Plato's Camera: How the Physical Brain Captures a Landscape of Abstract Universals

Plato's Camera: How the Physical Brain Captures a Landscape of Abstract Universals

by Paul M. Churchland
Pub. Date:
MIT Press

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Plato's Camera: How the Physical Brain Captures a Landscape of Abstract Universals

In Plato's Camera, eminent philosopher Paul Churchland offers a novel account of how the brain constructs a representation--or 'takes a picture'--of the universe's timeless categorical and dynamical structure. This construction process, which begins at birth, yields the enduring background conceptual framework with which we will interpret our sensory experience for the rest of our lives. But, as even Plato knew, to make singular perceptual judgments requires that we possess an antecedent framework of abstract categories to which any perceived particular can be relevantly assimilated. How that background framework is assembled in the first place is the motivating mystery, and the primary target, of Churchland's book.

His account draws on the best of the recent philosophical literature on semantic theory, and on the most recent results from cognitive neurobiology. The resulting story throws immediate light on issues that have been at the center of philosophy for at least two millennia, such as how the mind represents reality, both in its ephemeral and in its timeless dimensions.

Unexpectedly, this neurobiologically grounded account of human cognition also provides a systematic story of how such low-level epistemological activities are integrated within an enveloping framework of linguistic structures and regulatory mechanisms at the social level. As Churchland illustrates, this integration of cognitive mechanisms at several levels has launched the human race on an epistemological adventure denied to all other terrestrial creatures.

Product Details

ISBN-13: 9780262016865
Publisher: MIT Press
Publication date: 01/31/2012
Pages: 304
Product dimensions: 6.10(w) x 9.20(h) x 0.80(d)
Age Range: 18 Years

Table of Contents

Preface vii

1 Introduction: A Fast Overview 1

1 Some Parallels and Contrasts with Kant 1

2 Representations in the Brain: Ephemeral versus Enduring 4

3 Individual Learning: Slow and Structural 11

4 Individual Learning: Fast and Dynamical 16

5 Collective Learning and Cultural Transmission 25

6 Knowledge: Is It True, Justified Belief? 30

2 First-Level Learning, Part 1: Structural Changes in the Brain and the Development of Lasting Conceptual Frameworks 35

1 The Basic Organization of the Information-Processing Brain 35

2 Some Lessons from Artificial Neural Networks 38

3 Motor Coordination 45

4 More on Colors: Constancy and Compression 50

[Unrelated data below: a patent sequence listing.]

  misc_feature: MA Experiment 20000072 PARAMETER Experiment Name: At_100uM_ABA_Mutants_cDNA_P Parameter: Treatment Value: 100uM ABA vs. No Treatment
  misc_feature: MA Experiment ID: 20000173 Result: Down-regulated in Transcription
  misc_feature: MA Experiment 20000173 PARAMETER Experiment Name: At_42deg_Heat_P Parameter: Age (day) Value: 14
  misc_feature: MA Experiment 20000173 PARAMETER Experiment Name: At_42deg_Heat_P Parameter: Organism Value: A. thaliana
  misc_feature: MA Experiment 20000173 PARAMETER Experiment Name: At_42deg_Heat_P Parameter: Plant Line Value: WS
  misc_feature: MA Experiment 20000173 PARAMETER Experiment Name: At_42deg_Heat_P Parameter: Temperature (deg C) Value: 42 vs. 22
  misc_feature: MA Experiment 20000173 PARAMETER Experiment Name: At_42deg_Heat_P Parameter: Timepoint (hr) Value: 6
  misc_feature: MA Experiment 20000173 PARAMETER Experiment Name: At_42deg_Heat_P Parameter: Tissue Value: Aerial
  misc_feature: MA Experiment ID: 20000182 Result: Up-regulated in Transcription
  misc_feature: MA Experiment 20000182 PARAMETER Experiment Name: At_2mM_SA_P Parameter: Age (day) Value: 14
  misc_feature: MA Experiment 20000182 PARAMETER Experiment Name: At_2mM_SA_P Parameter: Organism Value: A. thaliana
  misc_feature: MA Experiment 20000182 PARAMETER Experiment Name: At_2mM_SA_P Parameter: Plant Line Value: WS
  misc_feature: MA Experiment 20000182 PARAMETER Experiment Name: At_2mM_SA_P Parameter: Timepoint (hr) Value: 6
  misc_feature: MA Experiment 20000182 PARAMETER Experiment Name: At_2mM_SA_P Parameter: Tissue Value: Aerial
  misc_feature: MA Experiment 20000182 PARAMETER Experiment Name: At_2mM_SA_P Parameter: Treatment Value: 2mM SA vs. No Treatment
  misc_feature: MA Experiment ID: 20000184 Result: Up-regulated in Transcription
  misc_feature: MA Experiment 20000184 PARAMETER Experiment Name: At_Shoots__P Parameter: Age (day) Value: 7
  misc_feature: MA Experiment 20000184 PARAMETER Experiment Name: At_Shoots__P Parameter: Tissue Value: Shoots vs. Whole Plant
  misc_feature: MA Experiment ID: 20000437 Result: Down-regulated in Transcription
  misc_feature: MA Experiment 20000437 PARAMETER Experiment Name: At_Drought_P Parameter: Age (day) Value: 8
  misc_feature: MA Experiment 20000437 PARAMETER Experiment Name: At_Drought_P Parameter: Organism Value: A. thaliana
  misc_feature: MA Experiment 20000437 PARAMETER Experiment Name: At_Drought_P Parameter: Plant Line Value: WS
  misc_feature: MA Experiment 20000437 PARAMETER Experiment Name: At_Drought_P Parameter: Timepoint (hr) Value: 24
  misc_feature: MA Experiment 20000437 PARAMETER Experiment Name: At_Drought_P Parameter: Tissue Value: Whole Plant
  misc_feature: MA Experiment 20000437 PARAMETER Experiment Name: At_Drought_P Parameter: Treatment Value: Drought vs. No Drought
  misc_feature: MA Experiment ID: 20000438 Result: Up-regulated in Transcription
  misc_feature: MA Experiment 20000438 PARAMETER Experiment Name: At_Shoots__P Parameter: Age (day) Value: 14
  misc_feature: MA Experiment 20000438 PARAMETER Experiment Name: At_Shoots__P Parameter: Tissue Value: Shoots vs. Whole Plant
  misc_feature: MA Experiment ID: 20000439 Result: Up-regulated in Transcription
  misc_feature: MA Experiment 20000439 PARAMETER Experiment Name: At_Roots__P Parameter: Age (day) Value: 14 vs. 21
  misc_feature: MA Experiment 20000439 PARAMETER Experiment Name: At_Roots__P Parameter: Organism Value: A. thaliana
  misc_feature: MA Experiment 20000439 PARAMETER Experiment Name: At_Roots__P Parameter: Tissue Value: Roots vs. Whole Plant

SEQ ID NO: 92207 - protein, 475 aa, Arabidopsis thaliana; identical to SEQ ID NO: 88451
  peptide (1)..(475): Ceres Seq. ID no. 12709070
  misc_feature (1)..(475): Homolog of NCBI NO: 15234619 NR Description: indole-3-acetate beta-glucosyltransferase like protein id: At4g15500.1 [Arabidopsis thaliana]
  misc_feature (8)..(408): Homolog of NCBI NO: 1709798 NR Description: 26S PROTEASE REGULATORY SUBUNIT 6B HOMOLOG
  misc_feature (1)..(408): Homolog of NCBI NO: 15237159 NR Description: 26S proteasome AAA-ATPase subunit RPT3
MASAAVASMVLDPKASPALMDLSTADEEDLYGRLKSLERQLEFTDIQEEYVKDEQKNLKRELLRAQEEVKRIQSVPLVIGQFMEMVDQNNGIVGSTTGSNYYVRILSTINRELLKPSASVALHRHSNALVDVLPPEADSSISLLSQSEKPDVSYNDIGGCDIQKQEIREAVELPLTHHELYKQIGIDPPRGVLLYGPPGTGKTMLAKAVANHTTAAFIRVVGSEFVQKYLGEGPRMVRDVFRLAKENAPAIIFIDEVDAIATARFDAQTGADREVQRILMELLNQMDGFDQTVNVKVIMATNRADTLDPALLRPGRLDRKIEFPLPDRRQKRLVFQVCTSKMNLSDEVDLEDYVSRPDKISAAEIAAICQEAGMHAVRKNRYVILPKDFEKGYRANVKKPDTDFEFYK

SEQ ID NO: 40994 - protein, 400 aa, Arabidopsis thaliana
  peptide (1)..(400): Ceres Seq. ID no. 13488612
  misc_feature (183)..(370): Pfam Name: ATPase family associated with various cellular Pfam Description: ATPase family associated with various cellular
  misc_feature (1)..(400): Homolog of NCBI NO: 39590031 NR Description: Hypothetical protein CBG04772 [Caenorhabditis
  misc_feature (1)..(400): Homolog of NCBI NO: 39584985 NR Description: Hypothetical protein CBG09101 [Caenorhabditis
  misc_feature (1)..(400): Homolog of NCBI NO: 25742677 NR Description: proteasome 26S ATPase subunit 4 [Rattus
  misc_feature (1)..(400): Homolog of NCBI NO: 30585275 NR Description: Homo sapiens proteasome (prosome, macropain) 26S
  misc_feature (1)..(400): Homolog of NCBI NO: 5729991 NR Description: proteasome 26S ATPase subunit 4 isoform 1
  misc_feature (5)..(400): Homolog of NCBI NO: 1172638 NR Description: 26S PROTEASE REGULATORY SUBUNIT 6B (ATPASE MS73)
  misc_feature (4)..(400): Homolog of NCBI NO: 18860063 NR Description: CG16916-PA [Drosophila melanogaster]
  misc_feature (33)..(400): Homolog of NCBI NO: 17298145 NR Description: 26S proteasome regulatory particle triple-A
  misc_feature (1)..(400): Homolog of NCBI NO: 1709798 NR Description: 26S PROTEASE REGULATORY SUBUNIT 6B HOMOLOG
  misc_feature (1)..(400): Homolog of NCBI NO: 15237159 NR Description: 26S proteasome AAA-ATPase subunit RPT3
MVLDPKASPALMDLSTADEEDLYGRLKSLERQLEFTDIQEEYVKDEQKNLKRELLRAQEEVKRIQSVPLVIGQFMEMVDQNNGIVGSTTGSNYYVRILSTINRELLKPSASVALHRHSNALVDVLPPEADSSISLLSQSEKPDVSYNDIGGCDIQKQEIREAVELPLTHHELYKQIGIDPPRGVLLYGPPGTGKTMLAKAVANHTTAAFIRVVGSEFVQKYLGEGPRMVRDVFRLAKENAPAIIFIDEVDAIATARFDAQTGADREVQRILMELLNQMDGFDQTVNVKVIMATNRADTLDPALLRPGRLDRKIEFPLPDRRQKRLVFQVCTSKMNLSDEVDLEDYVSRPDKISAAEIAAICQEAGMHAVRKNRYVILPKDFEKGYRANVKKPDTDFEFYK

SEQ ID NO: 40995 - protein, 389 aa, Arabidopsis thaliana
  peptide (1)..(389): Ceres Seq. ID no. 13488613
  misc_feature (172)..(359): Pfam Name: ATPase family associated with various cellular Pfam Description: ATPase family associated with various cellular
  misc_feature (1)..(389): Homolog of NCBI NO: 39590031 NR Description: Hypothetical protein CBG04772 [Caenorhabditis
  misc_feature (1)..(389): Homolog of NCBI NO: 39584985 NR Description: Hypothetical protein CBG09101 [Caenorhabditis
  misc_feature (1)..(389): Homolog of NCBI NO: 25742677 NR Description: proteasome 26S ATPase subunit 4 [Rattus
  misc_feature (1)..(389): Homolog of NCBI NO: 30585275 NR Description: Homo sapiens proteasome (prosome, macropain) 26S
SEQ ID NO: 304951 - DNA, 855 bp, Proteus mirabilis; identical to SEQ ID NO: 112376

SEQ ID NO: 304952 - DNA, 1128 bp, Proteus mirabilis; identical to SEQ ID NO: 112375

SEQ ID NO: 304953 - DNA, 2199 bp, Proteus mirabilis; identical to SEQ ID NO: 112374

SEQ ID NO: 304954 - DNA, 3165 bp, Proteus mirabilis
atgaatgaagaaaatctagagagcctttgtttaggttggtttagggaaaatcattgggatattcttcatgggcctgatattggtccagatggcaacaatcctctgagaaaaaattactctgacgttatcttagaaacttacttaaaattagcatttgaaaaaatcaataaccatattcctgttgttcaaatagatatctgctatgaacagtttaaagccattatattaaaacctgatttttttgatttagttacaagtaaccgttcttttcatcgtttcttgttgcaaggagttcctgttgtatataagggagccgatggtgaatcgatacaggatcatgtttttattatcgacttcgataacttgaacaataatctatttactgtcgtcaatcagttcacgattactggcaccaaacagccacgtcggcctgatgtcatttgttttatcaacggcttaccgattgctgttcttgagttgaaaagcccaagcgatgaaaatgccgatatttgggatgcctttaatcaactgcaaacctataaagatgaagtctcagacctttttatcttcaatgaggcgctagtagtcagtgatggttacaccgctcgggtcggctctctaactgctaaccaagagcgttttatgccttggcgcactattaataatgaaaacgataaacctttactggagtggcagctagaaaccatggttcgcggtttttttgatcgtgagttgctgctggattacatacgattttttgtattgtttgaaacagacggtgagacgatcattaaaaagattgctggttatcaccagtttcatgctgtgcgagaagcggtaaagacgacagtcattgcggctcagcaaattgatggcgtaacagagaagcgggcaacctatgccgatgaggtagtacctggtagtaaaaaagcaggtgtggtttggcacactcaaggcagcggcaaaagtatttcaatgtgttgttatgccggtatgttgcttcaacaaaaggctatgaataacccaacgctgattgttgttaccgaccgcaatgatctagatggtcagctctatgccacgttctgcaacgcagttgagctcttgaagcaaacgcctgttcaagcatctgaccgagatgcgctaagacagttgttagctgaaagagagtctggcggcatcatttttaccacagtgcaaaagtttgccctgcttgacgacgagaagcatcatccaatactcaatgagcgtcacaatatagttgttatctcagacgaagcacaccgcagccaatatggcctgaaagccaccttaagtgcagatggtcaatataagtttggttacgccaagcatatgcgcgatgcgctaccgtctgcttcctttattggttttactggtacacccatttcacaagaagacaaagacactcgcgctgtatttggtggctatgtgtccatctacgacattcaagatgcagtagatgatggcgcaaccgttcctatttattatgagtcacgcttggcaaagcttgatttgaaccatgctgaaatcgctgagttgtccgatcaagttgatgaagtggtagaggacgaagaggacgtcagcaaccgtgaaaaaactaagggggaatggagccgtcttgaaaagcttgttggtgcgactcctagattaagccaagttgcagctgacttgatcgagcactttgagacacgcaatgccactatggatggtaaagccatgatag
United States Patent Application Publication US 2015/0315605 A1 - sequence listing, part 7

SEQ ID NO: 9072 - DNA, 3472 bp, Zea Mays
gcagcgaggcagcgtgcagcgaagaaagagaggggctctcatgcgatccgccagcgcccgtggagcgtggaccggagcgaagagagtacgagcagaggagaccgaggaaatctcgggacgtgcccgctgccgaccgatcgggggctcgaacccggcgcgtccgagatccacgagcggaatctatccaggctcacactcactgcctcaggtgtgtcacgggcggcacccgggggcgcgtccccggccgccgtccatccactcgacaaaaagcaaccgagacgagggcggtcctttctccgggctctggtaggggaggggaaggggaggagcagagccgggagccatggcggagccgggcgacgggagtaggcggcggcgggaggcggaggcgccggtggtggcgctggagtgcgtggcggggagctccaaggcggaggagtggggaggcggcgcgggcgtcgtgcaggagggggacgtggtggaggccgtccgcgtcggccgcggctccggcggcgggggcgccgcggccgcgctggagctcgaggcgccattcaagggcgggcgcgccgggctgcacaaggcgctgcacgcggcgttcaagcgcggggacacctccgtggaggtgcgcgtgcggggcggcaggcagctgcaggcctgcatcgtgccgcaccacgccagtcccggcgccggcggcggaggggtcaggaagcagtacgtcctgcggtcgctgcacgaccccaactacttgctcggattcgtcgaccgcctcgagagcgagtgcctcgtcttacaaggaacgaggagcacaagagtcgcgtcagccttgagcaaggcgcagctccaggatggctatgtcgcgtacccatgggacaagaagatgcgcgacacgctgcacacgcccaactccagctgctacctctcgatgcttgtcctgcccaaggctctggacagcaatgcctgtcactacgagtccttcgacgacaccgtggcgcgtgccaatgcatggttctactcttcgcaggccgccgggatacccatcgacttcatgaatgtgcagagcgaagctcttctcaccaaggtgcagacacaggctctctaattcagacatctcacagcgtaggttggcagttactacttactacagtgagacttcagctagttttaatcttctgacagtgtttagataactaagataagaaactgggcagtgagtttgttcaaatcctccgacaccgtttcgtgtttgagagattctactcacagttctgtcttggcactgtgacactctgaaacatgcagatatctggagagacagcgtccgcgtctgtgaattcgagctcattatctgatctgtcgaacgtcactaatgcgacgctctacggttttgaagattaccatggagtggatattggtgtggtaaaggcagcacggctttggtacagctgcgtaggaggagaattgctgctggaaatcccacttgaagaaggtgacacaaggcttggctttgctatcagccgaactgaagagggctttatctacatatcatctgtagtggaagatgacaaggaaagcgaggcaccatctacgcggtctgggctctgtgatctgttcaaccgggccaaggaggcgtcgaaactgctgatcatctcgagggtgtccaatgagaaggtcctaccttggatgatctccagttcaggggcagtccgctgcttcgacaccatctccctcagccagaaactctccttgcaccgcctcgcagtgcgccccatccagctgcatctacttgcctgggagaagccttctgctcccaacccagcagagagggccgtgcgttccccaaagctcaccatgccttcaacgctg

5 More on Faces: Vector Completion, Abduction, and the Capacity for 'Globally Sensitive Inference' 62

6 Neurosemantics: How the Brain Represents the World 74

7 How the Brain Does Not Represent: First-Order Resemblance 78

8 How the Brain Does Not Represent: Indicator Semantics 90

9 On the Identity/Similarity of Conceptual Frameworks across Distinct Individuals 104

3 First-Level Learning, Part 2: On the Evaluation of Maps and Their Generation by Hebbian Learning 123

1 On the Evaluation of Conceptual Frameworks: A First Pass 123

2 The Neuronal Representation of Structures Unfolding in Time 139

3 Concept Formation via Hebbian Learning: Spatial Structures 157

4 Concept Formation via Hebbian Learning: The Special Case of Temporal Structures 165

5 A Slightly More Realistic Case 170

6 In Search of Still Greater Realism 174

7 Ascending from Several Egocentric Spaces to One Allocentric Space 180

4 Second-Level Learning: Dynamical Changes in the Brain and Domain-Shifted Redeployments of Existing Concepts 187

1 The Achievement of Explanatory Understanding 187

2 On the Evaluation of Conceptual Frameworks: A Second Pass (Conceptual Redeployments) 196

3 On the Evaluation of Conceptual Frameworks: A Third Pass (Intertheoretic Reductions) 204

4 Scientific Realism and the Underdetermination of Theory by Evidence 215

5 Underdetermination Reconceived 223

5 Third-Level Learning: The Regulation and Amplification of First- and Second-Level Learning through a Crowing Network of Cultural Institutions 251

1 The Role of Language in the Business of Human Cognition 251

2 The Emergence and Significance of Regulatory Mechanisms 255

3 Some Prior Takes on This Epicerebral Process 261

4 How Social-Level Institutions Steer Second-Level Learning 268

5 Situated Cognition and Cognitive Theory 274

Appendix 279

References 281

Index 287

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